BU freshman forward Nina Davis (right) could see special duty helping to defend agile Iowa State post Hallie Christofferson.

AP— Tori Eichberger

The Big 12 schedule has had its share of quirks this season.

One of them is that Baylor and Iowa State have yet to meet this season, despite the fact that only five games remain in the conference schedule.

The two teams will finally clash Wednesday, when they tip off a 7 p.m. Wednesday at the Ferrell Center.

“I know, here we are the last five or six games of the season, and we get to see them twice,” Baylor coach Kim Mulkey said. “You know what you’re going to see with Iowa State. You see it every time you play them.”

Iowa State coach Bill Fennelly has been with the team since the 1995-96 season, and his teams like to fire from long distance.

The Cyclones are expected to start with four guards on the floor, and their lone inside presence, Hallie Christofferson, has played on the perimeter for most of her career despite standing.

But while Iowa State is known for its 3-point shooting acumen, its guards do more than that.

“Their perimeter players are penetrating and getting to the foul line more so than in past teams,” Mulkey said. “Christofferson is playing the post more and doing just about whatever Bill wants her to do. We’d better be ready to defend the 3 and keep them off the foul line.”

The Cyclones (17-7, 6-7) are second in the nation in free throw percentage at .799, and they’re eight in 3-pointers made per game with 9.1.

Christofferson’s ability to play inside and out makes her a matchup problem, because Baylor will have to put one of its bigger players on her. That’s difficult because Christofferson has the skill to drive by a larger defender on the perimeter.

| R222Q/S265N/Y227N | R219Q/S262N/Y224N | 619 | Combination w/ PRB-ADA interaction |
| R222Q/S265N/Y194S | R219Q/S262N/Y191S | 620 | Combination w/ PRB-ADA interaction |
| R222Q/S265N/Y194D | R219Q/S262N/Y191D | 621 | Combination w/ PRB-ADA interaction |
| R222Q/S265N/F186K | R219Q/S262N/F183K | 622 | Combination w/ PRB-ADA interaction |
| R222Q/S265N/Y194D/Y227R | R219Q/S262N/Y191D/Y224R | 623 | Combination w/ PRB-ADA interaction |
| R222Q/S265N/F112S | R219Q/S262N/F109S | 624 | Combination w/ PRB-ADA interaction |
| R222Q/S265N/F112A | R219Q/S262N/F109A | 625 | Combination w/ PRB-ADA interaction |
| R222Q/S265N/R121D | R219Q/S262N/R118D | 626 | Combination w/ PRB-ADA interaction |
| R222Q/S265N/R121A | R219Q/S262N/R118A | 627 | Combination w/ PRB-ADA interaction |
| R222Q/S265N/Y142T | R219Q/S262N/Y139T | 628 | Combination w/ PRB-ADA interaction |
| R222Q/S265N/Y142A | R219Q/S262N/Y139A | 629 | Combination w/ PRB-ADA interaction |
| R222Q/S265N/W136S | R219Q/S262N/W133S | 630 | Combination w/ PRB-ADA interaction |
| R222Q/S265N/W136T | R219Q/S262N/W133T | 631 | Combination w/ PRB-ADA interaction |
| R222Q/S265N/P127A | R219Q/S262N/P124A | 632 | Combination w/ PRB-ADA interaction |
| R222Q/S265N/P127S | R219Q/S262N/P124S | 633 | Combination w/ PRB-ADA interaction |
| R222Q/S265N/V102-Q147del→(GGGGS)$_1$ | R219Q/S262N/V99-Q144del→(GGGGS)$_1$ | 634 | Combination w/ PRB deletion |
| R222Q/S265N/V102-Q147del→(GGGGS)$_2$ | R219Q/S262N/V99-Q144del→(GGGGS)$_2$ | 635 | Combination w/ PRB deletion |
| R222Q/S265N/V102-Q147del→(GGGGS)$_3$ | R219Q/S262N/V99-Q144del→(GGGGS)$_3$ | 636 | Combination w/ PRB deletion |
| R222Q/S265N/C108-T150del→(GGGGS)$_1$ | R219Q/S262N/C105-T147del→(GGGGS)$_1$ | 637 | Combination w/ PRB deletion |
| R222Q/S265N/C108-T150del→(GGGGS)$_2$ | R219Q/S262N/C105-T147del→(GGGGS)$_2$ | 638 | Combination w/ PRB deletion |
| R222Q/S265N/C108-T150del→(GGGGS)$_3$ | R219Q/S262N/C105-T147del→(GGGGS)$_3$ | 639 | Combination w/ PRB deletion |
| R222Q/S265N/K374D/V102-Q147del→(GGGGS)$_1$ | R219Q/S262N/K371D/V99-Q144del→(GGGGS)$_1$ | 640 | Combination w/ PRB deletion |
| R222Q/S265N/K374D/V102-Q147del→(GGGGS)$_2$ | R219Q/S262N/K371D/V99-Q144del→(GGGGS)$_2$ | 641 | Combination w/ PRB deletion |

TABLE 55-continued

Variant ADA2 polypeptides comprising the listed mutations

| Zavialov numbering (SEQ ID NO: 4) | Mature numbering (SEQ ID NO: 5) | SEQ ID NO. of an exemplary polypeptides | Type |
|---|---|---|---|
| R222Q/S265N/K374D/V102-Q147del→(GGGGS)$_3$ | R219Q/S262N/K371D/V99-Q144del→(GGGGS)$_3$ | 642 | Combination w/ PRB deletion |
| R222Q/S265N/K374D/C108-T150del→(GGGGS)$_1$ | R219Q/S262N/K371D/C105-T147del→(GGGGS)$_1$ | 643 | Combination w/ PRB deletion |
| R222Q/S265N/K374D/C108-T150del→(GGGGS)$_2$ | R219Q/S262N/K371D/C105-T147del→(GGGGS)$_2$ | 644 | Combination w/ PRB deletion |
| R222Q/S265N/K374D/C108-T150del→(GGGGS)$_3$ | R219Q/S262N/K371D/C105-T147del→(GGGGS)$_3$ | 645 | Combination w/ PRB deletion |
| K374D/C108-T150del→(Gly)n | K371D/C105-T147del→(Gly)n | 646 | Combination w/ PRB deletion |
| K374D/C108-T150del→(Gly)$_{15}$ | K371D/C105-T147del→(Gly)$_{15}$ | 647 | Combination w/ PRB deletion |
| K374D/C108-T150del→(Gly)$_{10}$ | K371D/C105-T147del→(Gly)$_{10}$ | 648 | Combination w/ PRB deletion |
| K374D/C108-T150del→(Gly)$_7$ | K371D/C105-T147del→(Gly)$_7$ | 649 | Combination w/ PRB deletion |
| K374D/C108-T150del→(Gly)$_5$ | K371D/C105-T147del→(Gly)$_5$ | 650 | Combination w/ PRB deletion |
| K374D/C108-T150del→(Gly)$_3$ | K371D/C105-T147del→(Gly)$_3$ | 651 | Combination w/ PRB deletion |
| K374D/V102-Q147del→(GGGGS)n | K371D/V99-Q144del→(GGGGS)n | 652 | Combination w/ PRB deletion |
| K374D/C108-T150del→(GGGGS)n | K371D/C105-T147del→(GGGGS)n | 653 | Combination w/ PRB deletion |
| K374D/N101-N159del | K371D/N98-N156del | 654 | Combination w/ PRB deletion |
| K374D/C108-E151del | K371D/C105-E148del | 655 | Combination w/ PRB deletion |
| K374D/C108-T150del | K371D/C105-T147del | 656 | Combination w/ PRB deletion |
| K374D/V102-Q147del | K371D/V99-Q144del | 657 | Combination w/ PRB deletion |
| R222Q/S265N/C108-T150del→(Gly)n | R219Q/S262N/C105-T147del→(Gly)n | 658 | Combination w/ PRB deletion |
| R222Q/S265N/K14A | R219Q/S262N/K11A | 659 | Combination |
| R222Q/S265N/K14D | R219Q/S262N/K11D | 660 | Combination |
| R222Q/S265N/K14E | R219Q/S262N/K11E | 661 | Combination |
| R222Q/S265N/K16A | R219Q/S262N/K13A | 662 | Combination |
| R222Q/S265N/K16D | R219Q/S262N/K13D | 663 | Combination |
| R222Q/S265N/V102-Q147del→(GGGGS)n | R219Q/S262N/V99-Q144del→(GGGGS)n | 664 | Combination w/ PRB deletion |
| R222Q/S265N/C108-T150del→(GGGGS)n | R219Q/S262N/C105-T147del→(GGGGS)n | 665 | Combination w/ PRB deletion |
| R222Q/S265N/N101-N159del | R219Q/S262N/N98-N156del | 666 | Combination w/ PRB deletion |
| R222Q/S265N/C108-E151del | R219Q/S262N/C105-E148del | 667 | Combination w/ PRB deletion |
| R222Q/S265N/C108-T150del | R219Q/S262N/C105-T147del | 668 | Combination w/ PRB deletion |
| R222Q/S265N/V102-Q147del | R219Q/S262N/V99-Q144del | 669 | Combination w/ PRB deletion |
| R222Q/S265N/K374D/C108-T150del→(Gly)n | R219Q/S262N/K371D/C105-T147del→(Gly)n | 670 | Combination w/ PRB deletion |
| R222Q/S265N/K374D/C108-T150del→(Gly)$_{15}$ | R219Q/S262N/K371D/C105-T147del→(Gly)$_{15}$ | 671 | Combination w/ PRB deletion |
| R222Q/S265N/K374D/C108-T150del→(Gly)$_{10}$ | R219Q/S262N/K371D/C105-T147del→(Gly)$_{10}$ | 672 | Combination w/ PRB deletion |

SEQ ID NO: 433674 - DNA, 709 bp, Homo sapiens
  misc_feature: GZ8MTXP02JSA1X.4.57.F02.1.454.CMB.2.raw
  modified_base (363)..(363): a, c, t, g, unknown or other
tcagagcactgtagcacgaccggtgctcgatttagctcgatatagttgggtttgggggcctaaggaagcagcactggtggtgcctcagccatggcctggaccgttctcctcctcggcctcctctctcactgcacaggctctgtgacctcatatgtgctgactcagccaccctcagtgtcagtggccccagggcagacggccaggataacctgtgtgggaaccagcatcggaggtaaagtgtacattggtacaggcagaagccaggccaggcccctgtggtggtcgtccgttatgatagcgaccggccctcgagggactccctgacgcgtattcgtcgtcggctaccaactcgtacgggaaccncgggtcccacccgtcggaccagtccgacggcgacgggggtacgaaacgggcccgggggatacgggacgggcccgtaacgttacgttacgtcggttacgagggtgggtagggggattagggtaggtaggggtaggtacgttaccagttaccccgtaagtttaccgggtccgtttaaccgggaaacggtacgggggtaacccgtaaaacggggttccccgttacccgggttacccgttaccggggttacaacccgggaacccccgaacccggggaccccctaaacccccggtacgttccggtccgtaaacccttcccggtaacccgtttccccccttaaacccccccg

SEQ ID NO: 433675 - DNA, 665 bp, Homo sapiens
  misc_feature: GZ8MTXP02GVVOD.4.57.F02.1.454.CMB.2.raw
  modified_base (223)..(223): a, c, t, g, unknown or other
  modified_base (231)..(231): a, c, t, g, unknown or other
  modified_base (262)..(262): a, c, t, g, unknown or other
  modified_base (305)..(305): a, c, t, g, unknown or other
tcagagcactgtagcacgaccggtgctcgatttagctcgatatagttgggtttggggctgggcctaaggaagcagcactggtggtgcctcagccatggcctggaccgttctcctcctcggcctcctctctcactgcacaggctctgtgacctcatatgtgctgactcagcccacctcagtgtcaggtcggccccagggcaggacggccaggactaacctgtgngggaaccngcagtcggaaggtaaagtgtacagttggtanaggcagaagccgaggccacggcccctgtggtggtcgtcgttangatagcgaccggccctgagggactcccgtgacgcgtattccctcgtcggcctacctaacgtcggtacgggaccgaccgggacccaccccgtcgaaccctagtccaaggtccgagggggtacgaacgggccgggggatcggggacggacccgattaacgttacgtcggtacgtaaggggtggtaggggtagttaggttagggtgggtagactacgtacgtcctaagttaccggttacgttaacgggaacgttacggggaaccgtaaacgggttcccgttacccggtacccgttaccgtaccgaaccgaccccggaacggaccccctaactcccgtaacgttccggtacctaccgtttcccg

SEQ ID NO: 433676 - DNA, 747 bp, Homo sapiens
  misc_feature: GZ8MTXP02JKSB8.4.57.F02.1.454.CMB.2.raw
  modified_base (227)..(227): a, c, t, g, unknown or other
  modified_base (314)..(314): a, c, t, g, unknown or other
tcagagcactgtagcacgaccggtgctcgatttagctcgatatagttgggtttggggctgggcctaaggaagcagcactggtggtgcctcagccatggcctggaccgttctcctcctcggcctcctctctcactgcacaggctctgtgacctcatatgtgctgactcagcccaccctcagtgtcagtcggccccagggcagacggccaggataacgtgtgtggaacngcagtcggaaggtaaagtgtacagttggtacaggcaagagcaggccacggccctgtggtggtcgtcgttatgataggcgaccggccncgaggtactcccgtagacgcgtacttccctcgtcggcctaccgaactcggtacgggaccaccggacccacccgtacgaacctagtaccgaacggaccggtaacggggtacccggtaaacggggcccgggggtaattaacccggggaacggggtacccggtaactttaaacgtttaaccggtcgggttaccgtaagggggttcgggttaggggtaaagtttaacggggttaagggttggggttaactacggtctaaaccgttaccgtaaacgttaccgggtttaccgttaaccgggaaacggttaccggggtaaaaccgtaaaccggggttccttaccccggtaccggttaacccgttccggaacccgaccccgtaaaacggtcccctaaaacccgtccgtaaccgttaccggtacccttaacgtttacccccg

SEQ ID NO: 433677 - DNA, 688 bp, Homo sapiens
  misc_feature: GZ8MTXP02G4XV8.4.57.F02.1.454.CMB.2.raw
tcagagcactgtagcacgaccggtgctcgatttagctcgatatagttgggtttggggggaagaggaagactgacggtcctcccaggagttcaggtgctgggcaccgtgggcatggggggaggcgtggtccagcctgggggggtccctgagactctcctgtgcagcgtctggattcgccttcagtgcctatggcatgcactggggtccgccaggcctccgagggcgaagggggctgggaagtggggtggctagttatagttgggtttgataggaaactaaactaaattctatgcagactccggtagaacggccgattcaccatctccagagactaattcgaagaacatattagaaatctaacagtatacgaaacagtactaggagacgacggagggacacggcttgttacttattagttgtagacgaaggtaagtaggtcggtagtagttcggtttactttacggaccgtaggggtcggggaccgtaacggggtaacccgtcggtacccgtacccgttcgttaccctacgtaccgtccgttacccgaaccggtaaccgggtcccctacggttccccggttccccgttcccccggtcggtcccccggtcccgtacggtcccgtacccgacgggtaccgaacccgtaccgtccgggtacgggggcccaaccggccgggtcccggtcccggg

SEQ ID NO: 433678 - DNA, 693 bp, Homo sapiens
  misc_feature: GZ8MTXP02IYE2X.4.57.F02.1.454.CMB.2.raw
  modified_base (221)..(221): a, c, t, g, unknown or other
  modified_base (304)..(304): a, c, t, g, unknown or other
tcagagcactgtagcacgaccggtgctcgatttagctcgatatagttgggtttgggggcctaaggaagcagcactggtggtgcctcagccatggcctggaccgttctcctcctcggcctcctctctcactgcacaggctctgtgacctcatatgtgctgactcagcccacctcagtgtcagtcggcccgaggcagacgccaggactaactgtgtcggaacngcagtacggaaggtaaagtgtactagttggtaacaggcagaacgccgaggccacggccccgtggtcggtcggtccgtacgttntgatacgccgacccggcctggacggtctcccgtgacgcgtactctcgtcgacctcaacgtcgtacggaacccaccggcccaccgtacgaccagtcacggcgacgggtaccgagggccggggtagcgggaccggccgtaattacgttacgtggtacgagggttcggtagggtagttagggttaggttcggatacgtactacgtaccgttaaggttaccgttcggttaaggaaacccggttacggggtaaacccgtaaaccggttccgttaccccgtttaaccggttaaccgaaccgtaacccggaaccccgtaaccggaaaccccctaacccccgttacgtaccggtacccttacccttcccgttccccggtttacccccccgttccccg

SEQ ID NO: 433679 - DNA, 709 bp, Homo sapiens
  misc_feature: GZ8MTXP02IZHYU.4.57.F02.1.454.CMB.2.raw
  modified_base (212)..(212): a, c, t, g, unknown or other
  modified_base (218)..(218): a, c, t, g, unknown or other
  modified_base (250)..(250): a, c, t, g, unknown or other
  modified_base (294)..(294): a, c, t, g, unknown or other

That versatility is part of the reason she’s the second-leading scorer in the conference with 19.1 points per game. If she can take her defender away from the basket, it also limits Baylor’s rebounding options.

Baylor (22-3, 12-1) is likely to start with Sune Agbuke or Kristina Higgins guarding Christofferson, but if neither is able to handle her quickness, forward Nina Davis could draw the assignment at times.

Limelight freshmen

With Davis and Iowa State’s guard duo of Seanna Johnson and Jadda Buckley, this game will feature three of the league’s top freshmen. Between the three of them, they have grabbed 13 of the 16 Big 12 Freshman of the Week honors.

“(Johnson and Buckley are) getting a lot of playing time,” Mulkey said. “That’s the first thing you see, and freshmen getting on the floor, you’re going to get recognized in this league. Mixing their freshmen with their upperclassmen makes those freshmen look better, and they don’t play a lot of players.”

Davis and Johnson could be locked up against each other for much of the night. That would present a rarity for the 5-foot-11 Davis, as she’s used to playing against larger opponents at power forward. In that matchup, she would actually have an inch advantage in height.

“I am looking forward to the game,” Davis said. “This will be the first time I’m actually matched up with someone my size, and I’m going into the game knowing she’s one of the other top freshmen, I’m looking forward to going against her and seeing how it goes.”

Johnson is the Cyclones’ leading rebounder with 8.4 per game, and she’s one of four on the team averaging double-digit scoring with 10.2. Buckley puts in 10.8 points per night, with junior Nikki Moody rounding up that quartet at 12.7 per contest.

Iowa State plays a slow-paced halfcourt game, and Baylor wants to speed things up. That responsibility falls primarily to Odyssey Sims and the rest of the guards.

“They like to use all 30 seconds of the shot clock, so I think if you pressure them more – they don’t really like ball pressure – get out in the passing lanes, try to speed the game up it will be to our advantage,” Sims said.

A fence around Sims

When the Lady Bears have the ball, they can expect to see all kinds of defenses.

Most of them will be targeted to finding a way to slow down Sims, the nation’s leading scorer with 30.3 per outing.

“Bill has always done these unconventional defenses,” Mulkey said. “He’s box-and-oned Odyssey through the years, you’ve seen it where he’ll triangle-and-two some players, sagging man, they’re not a team that’s going to be aggressive and out there in the passing lanes, it’s almost like a matchup zone, but it’s a sagging man. It’s not that he’s just going to do it against us, he’s done it against a lot of teams this year.”

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